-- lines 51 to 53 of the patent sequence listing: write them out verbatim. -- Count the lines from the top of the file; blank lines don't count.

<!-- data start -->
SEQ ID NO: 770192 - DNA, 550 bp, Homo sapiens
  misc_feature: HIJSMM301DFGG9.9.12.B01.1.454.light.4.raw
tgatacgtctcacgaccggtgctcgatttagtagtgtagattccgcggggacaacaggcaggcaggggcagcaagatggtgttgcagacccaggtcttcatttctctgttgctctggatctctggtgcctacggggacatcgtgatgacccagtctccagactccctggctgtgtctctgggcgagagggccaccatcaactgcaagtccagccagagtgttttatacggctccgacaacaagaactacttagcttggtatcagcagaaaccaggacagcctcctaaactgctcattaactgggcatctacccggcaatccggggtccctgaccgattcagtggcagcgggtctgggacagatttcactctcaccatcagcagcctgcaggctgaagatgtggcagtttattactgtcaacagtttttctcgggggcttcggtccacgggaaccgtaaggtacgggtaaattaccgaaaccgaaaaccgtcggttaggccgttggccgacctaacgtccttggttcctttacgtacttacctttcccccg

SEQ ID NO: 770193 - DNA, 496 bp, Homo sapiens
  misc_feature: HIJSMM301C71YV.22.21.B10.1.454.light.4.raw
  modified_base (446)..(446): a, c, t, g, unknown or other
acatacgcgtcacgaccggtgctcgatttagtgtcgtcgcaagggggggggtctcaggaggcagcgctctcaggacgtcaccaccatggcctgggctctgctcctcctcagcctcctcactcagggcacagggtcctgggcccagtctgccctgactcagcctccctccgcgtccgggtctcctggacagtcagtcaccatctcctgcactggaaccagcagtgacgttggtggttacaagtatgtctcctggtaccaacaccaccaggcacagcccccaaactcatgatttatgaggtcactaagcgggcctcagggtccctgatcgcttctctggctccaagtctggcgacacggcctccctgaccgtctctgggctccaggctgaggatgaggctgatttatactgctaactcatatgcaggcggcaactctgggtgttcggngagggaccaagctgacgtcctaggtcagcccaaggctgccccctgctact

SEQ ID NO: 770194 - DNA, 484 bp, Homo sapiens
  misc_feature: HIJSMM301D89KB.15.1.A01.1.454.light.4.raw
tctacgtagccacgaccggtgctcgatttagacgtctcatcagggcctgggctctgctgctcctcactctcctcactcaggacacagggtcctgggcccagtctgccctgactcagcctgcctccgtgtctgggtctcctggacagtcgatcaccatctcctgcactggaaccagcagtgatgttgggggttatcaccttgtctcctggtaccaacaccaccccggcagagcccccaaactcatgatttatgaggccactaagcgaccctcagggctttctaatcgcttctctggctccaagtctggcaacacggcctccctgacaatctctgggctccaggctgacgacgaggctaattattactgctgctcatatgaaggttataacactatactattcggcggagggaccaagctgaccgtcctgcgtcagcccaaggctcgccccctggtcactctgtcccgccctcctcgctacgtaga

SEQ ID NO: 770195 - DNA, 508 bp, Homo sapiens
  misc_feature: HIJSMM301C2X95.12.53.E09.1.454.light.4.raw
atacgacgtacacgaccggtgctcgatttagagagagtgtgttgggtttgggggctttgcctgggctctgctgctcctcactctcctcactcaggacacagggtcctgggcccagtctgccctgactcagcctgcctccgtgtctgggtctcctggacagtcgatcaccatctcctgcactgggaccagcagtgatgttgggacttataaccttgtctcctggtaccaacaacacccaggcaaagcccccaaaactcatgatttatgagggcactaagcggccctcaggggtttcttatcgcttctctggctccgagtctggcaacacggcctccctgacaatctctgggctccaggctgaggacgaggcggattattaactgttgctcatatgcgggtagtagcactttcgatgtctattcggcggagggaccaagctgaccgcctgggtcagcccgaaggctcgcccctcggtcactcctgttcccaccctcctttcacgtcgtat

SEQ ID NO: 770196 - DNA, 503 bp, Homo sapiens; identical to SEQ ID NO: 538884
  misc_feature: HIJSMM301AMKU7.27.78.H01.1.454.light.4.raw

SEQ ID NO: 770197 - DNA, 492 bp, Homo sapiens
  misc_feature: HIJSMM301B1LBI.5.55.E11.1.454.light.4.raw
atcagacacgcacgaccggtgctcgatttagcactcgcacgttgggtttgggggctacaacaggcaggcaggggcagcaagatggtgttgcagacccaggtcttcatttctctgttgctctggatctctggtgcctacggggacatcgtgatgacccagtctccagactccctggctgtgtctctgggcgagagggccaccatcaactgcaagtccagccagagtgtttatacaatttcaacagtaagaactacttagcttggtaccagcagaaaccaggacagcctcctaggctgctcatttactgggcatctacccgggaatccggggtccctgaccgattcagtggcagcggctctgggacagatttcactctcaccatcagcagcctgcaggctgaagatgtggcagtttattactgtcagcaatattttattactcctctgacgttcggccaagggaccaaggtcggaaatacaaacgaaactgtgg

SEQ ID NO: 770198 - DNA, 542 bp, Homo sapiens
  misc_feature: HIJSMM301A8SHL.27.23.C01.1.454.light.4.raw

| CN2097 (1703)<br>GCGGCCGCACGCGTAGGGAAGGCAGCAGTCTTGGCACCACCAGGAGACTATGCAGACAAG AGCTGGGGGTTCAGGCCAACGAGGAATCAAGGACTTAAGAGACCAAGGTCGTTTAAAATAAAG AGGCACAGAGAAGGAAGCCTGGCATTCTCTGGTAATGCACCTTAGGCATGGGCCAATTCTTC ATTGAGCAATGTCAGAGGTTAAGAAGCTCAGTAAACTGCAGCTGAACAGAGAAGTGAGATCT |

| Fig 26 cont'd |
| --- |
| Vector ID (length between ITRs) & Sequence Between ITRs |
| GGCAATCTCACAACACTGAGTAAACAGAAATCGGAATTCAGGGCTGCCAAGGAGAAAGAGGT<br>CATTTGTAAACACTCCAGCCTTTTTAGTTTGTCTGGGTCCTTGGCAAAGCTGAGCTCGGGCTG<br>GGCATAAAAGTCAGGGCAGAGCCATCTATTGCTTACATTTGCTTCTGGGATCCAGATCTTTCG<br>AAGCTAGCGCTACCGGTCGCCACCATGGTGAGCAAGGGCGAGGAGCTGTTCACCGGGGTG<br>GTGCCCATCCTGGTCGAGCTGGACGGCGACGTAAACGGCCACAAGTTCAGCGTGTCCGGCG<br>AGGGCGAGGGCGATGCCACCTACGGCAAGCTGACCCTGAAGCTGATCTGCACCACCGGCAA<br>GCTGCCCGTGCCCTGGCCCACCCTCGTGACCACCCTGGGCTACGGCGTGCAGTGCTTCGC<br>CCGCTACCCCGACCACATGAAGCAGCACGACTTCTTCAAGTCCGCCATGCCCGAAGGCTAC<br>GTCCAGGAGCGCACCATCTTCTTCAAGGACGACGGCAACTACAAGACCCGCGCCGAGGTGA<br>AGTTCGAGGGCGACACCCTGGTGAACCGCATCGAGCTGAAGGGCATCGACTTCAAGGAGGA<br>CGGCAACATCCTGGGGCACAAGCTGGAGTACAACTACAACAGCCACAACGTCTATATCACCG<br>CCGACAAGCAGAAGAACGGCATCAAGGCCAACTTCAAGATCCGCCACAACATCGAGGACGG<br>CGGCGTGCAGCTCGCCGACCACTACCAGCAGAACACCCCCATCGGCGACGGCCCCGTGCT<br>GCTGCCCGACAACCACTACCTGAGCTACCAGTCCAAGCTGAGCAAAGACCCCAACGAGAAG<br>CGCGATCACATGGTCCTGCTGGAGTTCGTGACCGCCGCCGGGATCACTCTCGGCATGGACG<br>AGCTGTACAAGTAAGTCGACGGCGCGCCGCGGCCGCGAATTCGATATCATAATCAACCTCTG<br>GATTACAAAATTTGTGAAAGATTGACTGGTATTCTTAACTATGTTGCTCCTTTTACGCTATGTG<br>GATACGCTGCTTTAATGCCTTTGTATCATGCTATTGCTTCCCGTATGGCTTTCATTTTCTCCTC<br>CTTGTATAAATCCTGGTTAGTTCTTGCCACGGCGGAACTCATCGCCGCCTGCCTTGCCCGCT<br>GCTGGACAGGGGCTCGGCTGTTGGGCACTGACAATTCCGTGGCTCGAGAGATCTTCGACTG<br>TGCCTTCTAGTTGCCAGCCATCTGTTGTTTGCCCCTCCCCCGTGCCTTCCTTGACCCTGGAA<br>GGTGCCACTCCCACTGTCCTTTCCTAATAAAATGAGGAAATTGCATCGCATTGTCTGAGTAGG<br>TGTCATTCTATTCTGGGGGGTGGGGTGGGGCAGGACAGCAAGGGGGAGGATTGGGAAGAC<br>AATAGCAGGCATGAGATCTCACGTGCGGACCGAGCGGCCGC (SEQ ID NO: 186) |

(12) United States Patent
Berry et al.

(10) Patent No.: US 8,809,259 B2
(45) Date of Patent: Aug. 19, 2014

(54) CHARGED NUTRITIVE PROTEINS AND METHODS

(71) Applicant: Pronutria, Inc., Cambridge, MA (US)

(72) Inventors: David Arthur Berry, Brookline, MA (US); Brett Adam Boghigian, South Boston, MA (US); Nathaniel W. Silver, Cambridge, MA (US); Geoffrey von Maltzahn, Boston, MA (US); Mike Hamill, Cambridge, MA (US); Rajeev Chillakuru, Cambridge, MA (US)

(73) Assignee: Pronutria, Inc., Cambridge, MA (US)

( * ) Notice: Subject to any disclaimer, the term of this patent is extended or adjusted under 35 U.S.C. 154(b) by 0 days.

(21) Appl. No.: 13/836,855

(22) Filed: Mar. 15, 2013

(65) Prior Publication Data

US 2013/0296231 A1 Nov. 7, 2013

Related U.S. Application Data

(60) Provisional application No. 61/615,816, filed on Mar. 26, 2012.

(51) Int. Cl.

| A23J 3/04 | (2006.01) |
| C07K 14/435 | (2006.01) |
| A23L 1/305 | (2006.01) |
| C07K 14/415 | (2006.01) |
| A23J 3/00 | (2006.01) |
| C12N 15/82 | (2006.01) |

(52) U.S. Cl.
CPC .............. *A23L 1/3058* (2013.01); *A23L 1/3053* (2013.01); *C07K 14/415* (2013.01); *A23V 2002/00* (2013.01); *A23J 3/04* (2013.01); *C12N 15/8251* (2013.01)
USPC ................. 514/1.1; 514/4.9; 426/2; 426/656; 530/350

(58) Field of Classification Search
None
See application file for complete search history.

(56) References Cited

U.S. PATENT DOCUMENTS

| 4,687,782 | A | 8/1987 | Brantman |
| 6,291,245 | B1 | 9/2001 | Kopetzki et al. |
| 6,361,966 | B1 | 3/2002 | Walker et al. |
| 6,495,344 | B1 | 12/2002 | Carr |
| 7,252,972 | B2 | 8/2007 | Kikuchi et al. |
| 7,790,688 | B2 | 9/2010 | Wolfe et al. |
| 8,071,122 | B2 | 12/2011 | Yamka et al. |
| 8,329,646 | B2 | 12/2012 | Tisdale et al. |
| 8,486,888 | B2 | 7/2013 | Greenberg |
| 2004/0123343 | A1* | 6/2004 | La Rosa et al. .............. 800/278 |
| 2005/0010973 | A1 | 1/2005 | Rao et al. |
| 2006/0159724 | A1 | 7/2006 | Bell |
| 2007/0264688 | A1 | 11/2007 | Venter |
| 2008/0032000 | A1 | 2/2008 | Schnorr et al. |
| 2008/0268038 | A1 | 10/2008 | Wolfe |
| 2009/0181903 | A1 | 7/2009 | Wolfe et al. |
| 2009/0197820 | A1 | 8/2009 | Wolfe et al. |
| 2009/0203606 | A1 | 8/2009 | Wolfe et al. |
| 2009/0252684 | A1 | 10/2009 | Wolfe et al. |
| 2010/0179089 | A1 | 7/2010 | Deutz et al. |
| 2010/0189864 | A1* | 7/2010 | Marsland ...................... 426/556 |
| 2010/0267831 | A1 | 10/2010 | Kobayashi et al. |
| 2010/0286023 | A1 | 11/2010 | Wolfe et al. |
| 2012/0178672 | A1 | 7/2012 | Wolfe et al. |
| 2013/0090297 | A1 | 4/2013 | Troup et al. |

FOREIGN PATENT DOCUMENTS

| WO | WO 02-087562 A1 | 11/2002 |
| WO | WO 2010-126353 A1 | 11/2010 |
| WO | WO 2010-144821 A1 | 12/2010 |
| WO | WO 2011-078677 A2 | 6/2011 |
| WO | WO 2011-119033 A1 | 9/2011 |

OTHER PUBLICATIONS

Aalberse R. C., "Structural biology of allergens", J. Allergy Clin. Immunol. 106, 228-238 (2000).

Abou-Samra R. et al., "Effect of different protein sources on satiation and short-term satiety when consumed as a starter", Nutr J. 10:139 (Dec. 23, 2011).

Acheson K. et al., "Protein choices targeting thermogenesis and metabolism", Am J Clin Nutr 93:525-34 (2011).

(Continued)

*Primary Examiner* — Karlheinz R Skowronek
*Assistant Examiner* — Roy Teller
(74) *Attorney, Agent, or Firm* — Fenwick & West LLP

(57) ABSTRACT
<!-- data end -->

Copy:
(58) Field of Classification Search
None
See application file for complete search history.